7 Ways to Find Your Target Audience on TwitterLucy HitzBlogger ExtraordinaireSimply Measured
Are you struggling to identify your target audience on Twitter? Do you have a vague, mostly qualitative idea, but fall short when it comes to reaching your engagement drivers, future customers, and lifelong brand advocates?
So do most brands. Most of us aren’t reaching all the people who would be interested in our content and/or product. We have an overall idea of the demographics active on Twitter (21% of U.S. adults use the network, most of whom are ages 18-49 and have attended college at some point, according to the latest Pew Report), but find it challenging to match our brand with the audience likely to become customers–because we don’t really know who we’re looking for.
Here’s how to find your target audience on Twitter in a clear, analytical progression.
1. Find Out Who Your Most Engaged Users Are
Finding out who your most engaged users are on Twitter means finding out who mentions your brand handle the most, and responds to the owned content you pump out from your brand handle most frequently.
It also means you must be prepared to:
A) Pivot away from who you want your target audience to be, and towards who they really are, depending on what you find out in your analysis, or
B) Totally reformulate your content calendar to target your ideal audience, if this audience is not following/engaging with you today, or
C) Both continue serving content to your engaged-but-not-ideal audience and create a parallel content program to better target the users you are trying to reach
Action Item: Once you’ve found out who your brand’s most engaged users are, come up with persona types and characteristics, using these engaged users as a basis. Take stock of how closely these personas map to your larger marketing department personas. If they don’t match up, it’s time to do some retooling of your social strategy.
2. Find Out Who Engages with You On Other Channels
This is the next step in building out your social personas, i.e., identifying your target audience(s). You need to evaluate who is expanding your brand reach on channels outside of Twitter, like Instagram and Facebook.
Action Item: Find out who is using your owned hashtag and interacting with your brand on other social channels you are active on. This will give you an expanded view of not only who your target personas are, but how they feel about your brand, and the content they would respond well to across all your social channels. It may even give you some ideas about how to repurpose media from one platform to another.
3. Search Your Top Hashtags
Take this analysis a step further by finding the hashtags most often used in tandem with your owned hashtag or brand handle, then search those hashtags on Twitter to source ideas for your content calendar and to better understand who your target audience is and what they care about.
Action Item: Let’s say your handle is @lifetimefitness and your owned hashtag is #lifetimefitness. Find out which hashtags and terms are most frequently used in tandem with either @lifetimefitness or #lifetimefitness. Then search into these terms, like #cycle or #selflove, to identify more potential members of your target audience and understand the trends they’re talking about and brands they’re interacting with.
4. Determine Age, Gender, and Geographic Location of Earned Conversation
Use a listening solution to find out specifically who is talking about your brand: their age, gender, and geographic location.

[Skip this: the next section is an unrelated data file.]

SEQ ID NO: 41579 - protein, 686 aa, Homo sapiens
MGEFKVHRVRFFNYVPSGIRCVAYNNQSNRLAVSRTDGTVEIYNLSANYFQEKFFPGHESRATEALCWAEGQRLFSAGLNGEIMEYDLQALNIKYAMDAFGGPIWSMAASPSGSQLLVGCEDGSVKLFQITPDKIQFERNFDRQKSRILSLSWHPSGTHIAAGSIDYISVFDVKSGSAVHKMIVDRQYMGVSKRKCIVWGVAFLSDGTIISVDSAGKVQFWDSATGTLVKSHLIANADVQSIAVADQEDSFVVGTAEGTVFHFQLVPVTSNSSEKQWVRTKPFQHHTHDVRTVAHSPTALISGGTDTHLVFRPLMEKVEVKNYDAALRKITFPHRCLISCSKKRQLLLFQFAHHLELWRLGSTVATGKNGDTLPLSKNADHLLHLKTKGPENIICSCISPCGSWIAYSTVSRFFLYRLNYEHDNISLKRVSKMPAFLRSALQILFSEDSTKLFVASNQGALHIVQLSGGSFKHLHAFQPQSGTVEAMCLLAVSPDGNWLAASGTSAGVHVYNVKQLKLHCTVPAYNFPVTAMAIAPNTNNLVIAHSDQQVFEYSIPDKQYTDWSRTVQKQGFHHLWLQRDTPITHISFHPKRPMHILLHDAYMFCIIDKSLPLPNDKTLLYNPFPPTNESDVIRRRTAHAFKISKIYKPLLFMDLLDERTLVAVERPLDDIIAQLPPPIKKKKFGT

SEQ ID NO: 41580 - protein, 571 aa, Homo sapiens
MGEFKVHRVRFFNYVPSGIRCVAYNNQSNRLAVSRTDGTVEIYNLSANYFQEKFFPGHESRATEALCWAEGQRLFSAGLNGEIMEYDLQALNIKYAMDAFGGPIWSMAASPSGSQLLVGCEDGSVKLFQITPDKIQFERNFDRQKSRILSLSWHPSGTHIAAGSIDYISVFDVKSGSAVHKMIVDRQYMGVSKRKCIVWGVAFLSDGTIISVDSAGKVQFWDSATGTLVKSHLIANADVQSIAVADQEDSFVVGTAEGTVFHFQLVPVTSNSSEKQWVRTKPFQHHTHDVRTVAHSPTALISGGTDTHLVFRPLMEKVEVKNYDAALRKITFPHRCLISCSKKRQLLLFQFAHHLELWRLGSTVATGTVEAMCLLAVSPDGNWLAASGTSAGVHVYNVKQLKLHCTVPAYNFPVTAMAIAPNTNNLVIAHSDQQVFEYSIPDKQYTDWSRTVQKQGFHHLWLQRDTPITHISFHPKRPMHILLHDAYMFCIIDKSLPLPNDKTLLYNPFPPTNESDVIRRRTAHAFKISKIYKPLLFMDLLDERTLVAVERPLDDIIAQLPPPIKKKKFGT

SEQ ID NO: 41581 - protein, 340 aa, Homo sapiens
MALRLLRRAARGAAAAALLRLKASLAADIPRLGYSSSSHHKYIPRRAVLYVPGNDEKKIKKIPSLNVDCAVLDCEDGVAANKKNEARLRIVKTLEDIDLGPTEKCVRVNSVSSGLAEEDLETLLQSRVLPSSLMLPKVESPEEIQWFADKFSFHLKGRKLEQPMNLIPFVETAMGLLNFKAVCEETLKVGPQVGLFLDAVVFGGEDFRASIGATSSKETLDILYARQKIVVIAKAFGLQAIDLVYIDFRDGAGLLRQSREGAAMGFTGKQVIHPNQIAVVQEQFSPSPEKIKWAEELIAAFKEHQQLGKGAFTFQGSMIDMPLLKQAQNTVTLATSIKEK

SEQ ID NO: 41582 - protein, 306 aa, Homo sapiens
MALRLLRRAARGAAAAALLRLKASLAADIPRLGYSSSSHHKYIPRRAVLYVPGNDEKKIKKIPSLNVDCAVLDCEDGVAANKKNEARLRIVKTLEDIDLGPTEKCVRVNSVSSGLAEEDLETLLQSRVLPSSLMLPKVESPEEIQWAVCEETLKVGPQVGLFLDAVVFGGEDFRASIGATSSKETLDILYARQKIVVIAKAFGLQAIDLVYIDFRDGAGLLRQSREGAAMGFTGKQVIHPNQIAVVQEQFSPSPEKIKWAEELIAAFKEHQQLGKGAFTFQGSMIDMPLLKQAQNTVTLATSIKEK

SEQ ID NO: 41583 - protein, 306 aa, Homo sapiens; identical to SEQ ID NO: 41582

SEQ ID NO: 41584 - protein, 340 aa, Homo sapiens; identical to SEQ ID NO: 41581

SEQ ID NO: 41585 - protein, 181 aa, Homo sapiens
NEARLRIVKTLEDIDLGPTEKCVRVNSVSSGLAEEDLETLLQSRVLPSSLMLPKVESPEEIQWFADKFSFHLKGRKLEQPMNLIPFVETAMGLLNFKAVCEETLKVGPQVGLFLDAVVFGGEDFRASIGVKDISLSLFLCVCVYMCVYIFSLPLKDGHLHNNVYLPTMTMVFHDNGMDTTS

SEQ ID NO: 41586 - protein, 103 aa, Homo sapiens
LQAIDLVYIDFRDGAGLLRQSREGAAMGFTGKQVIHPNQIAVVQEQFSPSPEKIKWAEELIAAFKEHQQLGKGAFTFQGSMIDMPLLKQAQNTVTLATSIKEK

Action Item: Once you’ve run this analysis, incorporate these traits into your social marketing personas and do research into which content is most appealing to your specific age group–gender–geographic location blend.
5. Find Your Audience’s Time Zones
To understand your target audience best, and publish content on a schedule that will hit them at the right times, you have to understand when your audience is active on Twitter.
Action Item: Once you’ve run this analysis, modify your Twitter calendar to publish content at the times when your audience is active on the network.
6. Find Out Who Follows Your Competitors
Running analysis on who follows your competitors has three benefits:
A) It helps you understand how/if your competitors’ audiences overlap with your own
B) It helps you identify the Twitter users you need to target and steal away from your competitors
C) It encourages creative thinking to make this market share grab happen
Action Item: Run regular competitive analysis, and set metrics around targeting competitors’ followers. Commit to learning as much as you can about your own brand reputation and current audiences through this analysis.
7. Put It All Together
Now it’s time to put everything you’ve learned together, and build content accordingly.
Put together a plan to present at your next marketing meeting. It should include three categories:
A) A data-based Twitter target persona, which maps back to your larger marketing organization personas
B) A short analysis of your target persona typical behaviors
C) A plan and content calendar for how you’ll to target these personas and shift behaviors to meet business goals
D) A short competitive snapshot of your Twitter competitors and what you’ve learned from competitive analysis
Want to take the next step and learn how to put together a conversion-based social campaign? Download the guide below!
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I’m the Content Marketing Manager here at Simply Measured. I manage our blog, produce longform content, head our co-marketing initiatives, and host the Simply Social podcast, among a few other things. I love yoga, The X-Files, peaty scotch, hiking, and poetry. If I were a social media channel, I’d want to be Instagram, but I think I’m Twitter.
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